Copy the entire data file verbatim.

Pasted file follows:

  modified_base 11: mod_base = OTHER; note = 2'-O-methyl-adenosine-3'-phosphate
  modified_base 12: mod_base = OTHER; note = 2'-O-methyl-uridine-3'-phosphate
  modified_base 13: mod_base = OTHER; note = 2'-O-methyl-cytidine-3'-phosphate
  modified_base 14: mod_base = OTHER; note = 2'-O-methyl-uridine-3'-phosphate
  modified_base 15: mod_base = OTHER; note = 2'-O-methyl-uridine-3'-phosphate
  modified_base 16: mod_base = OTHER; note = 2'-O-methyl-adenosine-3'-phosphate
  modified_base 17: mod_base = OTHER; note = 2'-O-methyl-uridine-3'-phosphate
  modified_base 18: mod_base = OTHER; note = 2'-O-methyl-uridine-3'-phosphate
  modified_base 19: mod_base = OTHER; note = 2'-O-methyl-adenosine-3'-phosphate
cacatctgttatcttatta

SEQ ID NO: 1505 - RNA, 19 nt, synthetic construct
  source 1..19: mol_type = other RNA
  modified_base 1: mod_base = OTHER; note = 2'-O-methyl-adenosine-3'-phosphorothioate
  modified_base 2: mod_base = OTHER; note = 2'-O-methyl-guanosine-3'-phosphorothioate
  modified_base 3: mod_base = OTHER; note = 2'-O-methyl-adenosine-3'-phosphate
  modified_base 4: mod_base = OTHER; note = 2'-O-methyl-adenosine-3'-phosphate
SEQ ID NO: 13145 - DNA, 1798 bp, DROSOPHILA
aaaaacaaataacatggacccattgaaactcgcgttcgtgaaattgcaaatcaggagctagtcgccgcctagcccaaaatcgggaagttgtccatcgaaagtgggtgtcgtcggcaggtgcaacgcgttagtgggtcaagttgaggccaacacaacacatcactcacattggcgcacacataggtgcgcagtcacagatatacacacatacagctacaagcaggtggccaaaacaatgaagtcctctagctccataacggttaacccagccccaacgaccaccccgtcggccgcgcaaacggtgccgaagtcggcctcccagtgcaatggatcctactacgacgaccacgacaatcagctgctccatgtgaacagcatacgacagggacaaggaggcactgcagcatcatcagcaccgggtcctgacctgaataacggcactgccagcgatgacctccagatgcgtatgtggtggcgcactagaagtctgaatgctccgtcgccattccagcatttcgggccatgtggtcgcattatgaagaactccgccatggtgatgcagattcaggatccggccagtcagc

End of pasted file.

  modified_base 11: mod_base = OTHER; note = 2'-O-methyl-adenosine-3'-phosphate
  modified_base 12: mod_base = OTHER; note = 2'-O-methyl-uridine-3'-phosphate
  modified_base 13: mod_base = OTHER; note = 2'-O-methyl-cytidine-3'-phosphate
  modified_base 14: mod_base = OTHER; note = 2'-O-methyl-uridine-3'-phosphate
  modified_base 15: mod_base = OTHER; note = 2'-O-methyl-uridine-3'-phosphate
  modified_base 16: mod_base = OTHER; note = 2'-O-methyl-adenosine-3'-phosphate
  modified_base 17: mod_base = OTHER; note = 2'-O-methyl-uridine-3'-phosphate
  modified_base 18: mod_base = OTHER; note = 2'-O-methyl-uridine-3'-phosphate
  modified_base 19: mod_base = OTHER; note = 2'-O-methyl-adenosine-3'-phosphate
cacatctgttatcttatta

SEQ ID NO: 1505 - RNA, 19 nt, synthetic construct
  source 1..19: mol_type = other RNA
  modified_base 1: mod_base = OTHER; note = 2'-O-methyl-adenosine-3'-phosphorothioate
  modified_base 2: mod_base = OTHER; note = 2'-O-methyl-guanosine-3'-phosphorothioate
  modified_base 3: mod_base = OTHER; note = 2'-O-methyl-adenosine-3'-phosphate
  modified_base 4: mod_base = OTHER; note = 2'-O-methyl-adenosine-3'-phosphate
SEQ ID NO: 13145 - DNA, 1798 bp, DROSOPHILA
aaaaacaaataacatggacccattgaaactcgcgttcgtgaaattgcaaatcaggagctagtcgccgcctagcccaaaatcgggaagttgtccatcgaaagtgggtgtcgtcggcaggtgcaacgcgttagtgggtcaagttgaggccaacacaacacatcactcacattggcgcacacataggtgcgcagtcacagatatacacacatacagctacaagcaggtggccaaaacaatgaagtcctctagctccataacggttaacccagccccaacgaccaccccgtcggccgcgcaaacggtgccgaagtcggcctcccagtgcaatggatcctactacgacgaccacgacaatcagctgctccatgtgaacagcatacgacagggacaaggaggcactgcagcatcatcagcaccgggtcctgacctgaataacggcactgccagcgatgacctccagatgcgtatgtggtggcgcactagaagtctgaatgctccgtcgccattccagcatttcgggccatgtggtcgcattatgaagaactccgccatggtgatgcagattcaggatccggccagtcagc